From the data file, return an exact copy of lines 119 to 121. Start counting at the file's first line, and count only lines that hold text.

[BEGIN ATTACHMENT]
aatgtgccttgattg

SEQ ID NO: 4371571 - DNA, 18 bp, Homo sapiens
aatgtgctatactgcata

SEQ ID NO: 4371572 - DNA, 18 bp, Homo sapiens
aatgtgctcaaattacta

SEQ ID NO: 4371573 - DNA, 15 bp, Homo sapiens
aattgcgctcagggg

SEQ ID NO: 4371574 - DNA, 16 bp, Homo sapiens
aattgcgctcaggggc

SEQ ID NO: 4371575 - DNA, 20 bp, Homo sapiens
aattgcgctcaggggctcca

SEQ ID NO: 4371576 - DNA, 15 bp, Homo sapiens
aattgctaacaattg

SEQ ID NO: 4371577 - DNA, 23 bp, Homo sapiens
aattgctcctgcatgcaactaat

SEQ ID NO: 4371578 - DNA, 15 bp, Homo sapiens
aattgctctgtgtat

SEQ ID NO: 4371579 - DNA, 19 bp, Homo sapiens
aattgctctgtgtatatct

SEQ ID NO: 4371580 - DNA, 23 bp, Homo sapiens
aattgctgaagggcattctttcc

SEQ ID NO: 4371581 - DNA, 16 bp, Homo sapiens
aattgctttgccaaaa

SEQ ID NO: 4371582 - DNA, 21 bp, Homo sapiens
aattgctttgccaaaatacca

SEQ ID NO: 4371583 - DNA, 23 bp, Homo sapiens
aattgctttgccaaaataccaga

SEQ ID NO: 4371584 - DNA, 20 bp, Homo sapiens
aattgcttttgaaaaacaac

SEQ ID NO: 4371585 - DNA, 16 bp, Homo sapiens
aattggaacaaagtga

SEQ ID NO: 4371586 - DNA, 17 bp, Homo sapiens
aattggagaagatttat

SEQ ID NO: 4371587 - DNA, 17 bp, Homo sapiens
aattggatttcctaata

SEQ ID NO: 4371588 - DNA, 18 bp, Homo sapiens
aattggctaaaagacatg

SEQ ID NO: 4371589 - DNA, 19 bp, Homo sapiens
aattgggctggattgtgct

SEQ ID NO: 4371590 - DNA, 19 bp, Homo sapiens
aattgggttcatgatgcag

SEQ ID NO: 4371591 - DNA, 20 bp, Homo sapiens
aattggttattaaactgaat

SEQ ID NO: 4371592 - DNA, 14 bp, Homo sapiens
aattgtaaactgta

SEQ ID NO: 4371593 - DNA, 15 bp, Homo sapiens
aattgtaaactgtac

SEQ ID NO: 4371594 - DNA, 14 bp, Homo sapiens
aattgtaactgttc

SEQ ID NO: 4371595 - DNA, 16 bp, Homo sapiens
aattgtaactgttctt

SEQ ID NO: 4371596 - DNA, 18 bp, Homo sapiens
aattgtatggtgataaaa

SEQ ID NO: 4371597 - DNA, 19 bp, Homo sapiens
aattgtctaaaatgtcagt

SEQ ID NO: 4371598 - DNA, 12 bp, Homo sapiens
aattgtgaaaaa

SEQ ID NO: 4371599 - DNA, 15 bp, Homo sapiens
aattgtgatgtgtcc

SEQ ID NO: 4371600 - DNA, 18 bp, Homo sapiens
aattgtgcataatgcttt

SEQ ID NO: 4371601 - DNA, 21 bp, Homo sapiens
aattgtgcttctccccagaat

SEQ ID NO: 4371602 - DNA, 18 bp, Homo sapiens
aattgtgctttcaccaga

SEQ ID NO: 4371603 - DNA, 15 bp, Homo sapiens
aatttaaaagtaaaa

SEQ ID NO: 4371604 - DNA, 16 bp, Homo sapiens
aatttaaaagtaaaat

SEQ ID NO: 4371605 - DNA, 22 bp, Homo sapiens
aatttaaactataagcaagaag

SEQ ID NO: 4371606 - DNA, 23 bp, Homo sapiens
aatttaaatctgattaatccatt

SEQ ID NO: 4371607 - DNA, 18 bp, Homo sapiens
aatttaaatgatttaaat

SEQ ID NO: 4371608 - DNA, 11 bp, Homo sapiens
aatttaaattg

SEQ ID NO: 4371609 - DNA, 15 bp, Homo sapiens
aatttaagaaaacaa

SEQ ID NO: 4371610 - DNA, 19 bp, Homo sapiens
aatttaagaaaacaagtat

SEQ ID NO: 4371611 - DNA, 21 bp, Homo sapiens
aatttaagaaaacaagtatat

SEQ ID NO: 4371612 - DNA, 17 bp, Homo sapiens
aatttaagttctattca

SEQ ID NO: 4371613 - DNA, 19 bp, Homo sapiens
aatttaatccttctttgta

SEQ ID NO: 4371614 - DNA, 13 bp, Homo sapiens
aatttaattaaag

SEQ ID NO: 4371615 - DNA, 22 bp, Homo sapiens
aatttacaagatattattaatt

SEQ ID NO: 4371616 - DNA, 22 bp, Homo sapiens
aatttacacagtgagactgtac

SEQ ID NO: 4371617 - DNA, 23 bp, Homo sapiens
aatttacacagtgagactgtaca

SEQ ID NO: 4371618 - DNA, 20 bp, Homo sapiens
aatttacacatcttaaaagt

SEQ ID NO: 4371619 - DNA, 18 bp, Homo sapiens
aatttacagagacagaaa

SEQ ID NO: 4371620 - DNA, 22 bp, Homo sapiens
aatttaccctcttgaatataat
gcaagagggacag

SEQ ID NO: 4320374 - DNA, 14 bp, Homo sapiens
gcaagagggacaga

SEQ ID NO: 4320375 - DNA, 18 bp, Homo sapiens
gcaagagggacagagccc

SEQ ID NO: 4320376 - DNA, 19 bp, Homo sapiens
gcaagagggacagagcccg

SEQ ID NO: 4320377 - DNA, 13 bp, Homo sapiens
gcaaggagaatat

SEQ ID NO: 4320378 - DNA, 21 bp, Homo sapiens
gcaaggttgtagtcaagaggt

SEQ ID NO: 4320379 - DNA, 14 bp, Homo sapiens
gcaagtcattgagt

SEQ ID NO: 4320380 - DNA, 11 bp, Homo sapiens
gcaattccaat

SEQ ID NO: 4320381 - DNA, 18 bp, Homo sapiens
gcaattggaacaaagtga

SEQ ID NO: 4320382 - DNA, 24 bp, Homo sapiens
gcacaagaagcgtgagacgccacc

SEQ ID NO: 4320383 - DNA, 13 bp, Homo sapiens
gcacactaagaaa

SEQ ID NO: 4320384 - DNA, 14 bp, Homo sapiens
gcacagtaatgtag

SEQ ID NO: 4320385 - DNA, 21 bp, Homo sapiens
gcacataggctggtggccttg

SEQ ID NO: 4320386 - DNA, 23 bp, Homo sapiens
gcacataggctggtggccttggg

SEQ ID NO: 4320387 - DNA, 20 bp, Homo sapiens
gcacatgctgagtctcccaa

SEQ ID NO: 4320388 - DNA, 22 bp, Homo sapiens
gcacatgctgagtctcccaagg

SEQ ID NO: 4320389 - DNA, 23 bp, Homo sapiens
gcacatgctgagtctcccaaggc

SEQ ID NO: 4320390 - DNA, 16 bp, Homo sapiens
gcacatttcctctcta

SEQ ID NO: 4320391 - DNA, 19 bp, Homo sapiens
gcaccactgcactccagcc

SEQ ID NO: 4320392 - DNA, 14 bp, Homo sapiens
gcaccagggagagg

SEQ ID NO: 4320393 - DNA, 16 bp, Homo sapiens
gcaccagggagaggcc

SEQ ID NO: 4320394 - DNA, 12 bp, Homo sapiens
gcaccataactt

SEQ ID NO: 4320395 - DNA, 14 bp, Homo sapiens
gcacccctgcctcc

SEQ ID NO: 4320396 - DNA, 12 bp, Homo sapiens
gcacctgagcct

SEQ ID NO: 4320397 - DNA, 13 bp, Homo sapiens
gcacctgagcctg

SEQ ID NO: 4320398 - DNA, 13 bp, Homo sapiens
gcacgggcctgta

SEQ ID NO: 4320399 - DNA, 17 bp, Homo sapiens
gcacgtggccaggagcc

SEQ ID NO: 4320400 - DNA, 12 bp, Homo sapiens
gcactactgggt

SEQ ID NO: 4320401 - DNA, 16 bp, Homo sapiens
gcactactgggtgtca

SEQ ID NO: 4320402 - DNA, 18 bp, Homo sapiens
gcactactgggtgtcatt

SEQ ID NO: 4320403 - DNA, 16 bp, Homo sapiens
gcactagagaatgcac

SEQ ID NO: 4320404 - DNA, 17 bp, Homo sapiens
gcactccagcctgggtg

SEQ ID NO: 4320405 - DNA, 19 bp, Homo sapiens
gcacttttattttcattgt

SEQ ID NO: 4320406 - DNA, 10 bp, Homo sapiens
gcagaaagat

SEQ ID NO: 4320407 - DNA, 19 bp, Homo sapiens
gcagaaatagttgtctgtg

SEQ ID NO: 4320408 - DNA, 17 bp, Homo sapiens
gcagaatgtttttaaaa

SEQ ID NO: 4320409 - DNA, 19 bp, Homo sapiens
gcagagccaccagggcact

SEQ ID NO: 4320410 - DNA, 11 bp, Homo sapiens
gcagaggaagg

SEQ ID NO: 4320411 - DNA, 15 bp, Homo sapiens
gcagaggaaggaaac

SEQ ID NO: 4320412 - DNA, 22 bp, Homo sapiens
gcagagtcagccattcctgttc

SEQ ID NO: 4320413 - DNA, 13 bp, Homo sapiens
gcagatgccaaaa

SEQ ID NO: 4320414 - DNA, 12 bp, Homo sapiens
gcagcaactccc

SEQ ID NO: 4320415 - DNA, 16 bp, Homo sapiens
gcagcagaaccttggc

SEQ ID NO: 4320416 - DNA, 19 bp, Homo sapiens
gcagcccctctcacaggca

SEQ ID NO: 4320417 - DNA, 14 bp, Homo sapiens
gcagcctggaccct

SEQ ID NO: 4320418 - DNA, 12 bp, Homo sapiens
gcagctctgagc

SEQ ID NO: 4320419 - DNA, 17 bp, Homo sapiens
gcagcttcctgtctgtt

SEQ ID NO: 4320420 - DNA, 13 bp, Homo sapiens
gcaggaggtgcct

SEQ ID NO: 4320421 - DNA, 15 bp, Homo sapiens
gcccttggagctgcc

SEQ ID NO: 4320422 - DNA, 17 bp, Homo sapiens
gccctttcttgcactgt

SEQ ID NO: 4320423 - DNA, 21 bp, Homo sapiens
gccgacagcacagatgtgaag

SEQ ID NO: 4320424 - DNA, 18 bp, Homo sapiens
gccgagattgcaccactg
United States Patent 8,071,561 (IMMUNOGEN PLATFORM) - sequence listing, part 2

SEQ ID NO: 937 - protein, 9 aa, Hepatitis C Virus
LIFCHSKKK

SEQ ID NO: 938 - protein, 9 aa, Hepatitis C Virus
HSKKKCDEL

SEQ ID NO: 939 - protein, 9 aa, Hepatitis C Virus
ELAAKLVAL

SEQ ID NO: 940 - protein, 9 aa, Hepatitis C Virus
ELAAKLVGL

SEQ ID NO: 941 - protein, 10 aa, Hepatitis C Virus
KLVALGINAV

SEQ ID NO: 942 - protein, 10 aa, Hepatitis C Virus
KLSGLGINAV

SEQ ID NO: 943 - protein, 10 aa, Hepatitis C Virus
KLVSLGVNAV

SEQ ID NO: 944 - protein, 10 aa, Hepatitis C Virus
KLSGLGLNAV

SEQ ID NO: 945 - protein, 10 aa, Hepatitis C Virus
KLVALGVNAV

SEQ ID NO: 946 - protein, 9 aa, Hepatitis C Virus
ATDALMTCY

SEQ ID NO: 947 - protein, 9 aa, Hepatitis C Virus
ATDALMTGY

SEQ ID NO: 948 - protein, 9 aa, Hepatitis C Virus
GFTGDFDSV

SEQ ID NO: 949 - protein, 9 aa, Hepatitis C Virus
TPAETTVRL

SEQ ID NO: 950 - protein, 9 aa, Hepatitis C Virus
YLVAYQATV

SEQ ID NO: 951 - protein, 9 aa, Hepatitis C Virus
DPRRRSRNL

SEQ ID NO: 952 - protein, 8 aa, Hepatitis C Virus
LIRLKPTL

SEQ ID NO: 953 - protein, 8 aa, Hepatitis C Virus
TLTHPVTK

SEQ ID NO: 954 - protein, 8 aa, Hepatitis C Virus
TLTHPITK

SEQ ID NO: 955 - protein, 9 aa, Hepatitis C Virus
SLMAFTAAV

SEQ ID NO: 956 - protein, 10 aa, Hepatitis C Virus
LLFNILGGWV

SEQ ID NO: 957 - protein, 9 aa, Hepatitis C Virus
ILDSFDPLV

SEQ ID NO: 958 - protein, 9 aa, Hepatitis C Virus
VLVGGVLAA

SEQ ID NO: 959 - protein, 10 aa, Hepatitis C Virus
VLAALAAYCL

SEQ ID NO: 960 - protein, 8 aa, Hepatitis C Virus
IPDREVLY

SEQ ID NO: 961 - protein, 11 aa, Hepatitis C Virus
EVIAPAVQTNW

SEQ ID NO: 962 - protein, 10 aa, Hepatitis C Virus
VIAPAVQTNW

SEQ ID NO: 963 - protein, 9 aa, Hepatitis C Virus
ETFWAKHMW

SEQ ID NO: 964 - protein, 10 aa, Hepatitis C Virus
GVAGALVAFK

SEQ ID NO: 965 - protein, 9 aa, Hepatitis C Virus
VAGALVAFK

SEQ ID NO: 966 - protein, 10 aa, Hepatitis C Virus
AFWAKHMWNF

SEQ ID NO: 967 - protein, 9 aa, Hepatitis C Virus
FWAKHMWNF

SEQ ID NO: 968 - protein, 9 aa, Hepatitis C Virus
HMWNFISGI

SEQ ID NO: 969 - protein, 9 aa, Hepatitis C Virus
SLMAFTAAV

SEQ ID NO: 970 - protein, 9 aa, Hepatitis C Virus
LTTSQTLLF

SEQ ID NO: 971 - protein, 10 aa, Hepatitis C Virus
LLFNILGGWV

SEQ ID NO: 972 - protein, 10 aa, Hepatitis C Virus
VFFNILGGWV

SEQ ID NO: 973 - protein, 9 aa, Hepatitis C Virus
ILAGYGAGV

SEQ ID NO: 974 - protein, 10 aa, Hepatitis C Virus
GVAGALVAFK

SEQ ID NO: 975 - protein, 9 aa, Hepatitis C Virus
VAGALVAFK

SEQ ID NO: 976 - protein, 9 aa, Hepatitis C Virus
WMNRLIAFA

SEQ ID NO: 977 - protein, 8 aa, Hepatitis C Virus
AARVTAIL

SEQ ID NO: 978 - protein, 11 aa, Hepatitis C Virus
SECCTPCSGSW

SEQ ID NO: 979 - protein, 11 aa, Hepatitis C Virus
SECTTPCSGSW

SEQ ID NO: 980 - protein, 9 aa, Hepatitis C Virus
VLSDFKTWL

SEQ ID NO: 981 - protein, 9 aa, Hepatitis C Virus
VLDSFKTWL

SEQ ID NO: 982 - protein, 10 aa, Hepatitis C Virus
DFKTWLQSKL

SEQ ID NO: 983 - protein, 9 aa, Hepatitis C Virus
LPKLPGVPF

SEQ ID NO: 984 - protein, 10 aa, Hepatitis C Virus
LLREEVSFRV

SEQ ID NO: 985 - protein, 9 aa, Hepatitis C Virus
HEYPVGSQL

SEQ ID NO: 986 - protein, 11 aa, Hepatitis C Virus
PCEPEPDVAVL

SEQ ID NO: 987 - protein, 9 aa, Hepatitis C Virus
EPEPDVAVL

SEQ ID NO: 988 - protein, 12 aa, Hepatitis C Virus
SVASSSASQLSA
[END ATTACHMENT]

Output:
SEQ ID NO: 4320382 - DNA, 24 bp, Homo sapiens
gcacaagaagcgtgagacgccacc

SEQ ID NO: 4320383 - DNA, 13 bp, Homo sapiens